While the Reagan and [first] Bush administrations had set up a number of drug task forces in border zones, the Byrne grant program established similar task forces all across the country. They seemed particularly likely to pop up in rural areas that didn’t yet have a paramilitary police team (what few were left).The task forces are staffed with local cops drawn from the police agencies in the jurisdictions where the task force operates. Some squads loosely report to a state law enforcement agency, but oversight tends to be minimal to nonexistent. Because their funding comes from the federal government—and whatever asset forfeiture proceeds they reap from their investigations—local officials can’t even control them by cutting their budget. This organizational structure makes some task forces virtually unaccountable, and certainly not accountable to any public official in the region they cover.As a result, we have roving squads of drug cops loaded with SWAT gear who get more money if they conduct more raids, make more arrests and seize more property, and they are virtually immune to accountability if they get out of line. In 2009 the U.S. Department of Justice attempted a cost-benefit analysis of these task forces but couldn’t even get to the point of crunching the numbers. The task forces weren’t producing any numbers to crunch. “Not only were data insufficient to estimate what task forces accomplished,” the report read, “data were inadequate to even tell what the task forces did for routine work.”
- The St. Louis Metropolitan Drug Task Force denies its own existence to citizens filing open records requests.
- The MUSTANG Drug Task Force harasses citizens who attempt to obtain basic information about their public finances.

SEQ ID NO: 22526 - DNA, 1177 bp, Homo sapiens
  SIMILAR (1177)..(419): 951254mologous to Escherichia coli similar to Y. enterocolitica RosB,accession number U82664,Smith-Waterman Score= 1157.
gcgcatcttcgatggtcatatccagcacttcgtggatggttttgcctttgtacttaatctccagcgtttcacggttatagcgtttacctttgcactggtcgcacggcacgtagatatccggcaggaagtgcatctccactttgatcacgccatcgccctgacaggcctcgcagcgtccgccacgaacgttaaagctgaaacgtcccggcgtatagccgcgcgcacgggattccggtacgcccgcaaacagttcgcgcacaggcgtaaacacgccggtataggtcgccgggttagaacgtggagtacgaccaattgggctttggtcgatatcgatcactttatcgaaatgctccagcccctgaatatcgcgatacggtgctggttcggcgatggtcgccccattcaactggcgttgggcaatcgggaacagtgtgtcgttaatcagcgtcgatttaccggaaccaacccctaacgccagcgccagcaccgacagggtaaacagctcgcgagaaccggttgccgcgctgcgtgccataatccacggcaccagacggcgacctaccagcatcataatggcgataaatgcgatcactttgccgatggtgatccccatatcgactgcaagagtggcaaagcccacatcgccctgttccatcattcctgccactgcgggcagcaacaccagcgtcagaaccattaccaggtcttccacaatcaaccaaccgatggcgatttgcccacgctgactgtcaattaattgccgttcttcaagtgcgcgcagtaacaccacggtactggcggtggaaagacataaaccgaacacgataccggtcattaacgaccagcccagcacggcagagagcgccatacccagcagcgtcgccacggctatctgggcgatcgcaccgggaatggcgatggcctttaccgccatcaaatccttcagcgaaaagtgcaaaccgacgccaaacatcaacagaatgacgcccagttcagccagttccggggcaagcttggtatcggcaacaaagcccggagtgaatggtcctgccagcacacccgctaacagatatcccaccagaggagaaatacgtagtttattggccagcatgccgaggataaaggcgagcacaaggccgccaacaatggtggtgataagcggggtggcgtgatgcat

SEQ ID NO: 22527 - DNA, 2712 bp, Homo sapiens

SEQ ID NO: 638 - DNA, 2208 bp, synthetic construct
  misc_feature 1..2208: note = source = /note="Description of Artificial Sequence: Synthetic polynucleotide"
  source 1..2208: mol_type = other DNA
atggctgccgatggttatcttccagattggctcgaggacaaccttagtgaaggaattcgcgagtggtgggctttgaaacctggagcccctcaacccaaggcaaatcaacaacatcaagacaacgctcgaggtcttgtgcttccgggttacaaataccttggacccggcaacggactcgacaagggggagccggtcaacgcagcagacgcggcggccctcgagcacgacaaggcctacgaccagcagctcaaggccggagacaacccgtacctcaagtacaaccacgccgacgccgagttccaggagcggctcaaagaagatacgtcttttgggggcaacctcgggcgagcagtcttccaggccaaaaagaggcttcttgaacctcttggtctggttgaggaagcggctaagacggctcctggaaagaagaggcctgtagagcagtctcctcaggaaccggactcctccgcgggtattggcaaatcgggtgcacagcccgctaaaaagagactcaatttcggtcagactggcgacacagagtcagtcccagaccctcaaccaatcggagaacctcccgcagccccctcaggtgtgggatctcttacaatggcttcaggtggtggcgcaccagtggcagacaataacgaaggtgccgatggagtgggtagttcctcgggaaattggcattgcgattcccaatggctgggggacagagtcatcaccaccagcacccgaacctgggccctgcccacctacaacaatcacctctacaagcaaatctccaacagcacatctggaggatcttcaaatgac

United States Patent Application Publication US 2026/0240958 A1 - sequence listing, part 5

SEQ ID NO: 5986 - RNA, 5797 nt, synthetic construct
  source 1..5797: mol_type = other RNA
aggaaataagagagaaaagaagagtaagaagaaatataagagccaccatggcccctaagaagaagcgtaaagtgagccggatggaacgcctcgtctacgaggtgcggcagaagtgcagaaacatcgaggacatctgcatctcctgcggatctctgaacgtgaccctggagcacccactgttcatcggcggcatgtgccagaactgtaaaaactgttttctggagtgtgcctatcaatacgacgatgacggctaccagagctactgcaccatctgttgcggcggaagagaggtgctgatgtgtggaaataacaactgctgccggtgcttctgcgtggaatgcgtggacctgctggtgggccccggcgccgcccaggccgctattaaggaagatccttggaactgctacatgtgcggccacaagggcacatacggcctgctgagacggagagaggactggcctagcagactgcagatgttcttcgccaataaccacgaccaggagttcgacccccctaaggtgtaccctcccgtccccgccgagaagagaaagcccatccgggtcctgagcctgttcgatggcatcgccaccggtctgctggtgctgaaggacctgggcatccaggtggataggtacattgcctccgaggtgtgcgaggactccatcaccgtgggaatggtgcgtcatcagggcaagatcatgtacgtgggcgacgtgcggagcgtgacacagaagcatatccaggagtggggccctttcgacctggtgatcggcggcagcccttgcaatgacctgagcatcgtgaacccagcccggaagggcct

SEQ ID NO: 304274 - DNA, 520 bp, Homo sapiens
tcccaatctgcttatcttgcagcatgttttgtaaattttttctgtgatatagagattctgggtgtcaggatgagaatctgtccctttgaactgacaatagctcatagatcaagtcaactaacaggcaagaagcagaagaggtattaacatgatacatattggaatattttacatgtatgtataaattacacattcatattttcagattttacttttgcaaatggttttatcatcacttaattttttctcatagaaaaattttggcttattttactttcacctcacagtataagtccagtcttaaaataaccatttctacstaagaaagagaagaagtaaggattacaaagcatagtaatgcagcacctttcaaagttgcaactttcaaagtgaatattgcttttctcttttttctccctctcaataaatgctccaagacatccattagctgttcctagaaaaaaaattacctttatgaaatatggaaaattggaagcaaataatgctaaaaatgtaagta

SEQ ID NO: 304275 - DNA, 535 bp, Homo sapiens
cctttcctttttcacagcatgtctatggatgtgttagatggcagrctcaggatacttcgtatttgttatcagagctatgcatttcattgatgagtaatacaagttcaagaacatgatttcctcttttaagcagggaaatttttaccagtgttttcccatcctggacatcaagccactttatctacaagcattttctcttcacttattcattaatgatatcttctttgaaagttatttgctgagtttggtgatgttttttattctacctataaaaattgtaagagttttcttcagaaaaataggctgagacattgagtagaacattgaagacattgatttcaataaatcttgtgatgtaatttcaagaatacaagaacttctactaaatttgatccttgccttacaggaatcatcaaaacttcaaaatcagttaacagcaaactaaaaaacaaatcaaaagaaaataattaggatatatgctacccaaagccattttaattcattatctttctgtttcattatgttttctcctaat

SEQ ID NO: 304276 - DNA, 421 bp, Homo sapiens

- The NITRO Drug Task Force pretended we had the wrong number when we called their publicly listed number to file an open records request, before admitting to the lie minutes later. NITRO maintains they are not subject to Missouri’s Sunshine Law.
- The COMET Drug Task Force accidentally copied us on an internal email discussing how to best avoid complying with the Sunshine Law. They later attempted to avoid providing records that showed the task force failed to maintain adequate oversight with the claim that the records could be closed under an exception to the Sunshine Law relating to terrorism.
- The Jefferson County Drug Task Force failed to establish an oversight board as required by state law (RSMo 195.509). Their commanding officer responded to open records requests by mocking our request and refusing to comply with the Sunshine law.
- Despite claims that drug task forces help combat the spread of dangerous drugs like methamphetamine and heroin, most of the state’s task forces primarily seize marijuana.
The Byrne JAG program, widely expanded during the War on Drugs, largely subsidizes equipment for local police. As the Brennan Center has documented in previous reports, the program inadvertently creates incentives to increase arrests, prosecutions, and incarceration. For example, it evaluates recipients on the number of criminal cases opened, but not whether crime dropped. It asks them how many kilos of cocaine were seized, but not how many people were sent to drug treatment. It asks how many cases were prosecuted, but not how many petty offenders were diverted from prison.Strikingly, these examples are just a few among many such initiatives. In 2013, the Department of Justice administered more than 150 of these programs. Hundreds of other federal programs administered by different agencies provide additional dollars while slipping the leash of accountability and clear direction. Research by the Brennan Center indicates the federal government sends at least $3.8 billion in federal criminal justice grants across the country for crime fighting and other criminal justice purposes, not including the billions sent through national security programs run by the Departments of Defense and Homeland Security.These dollars often flow on autopilot. Too frequently, they incentivize antiquated practices that we now know have little public safety value and massive human consequences.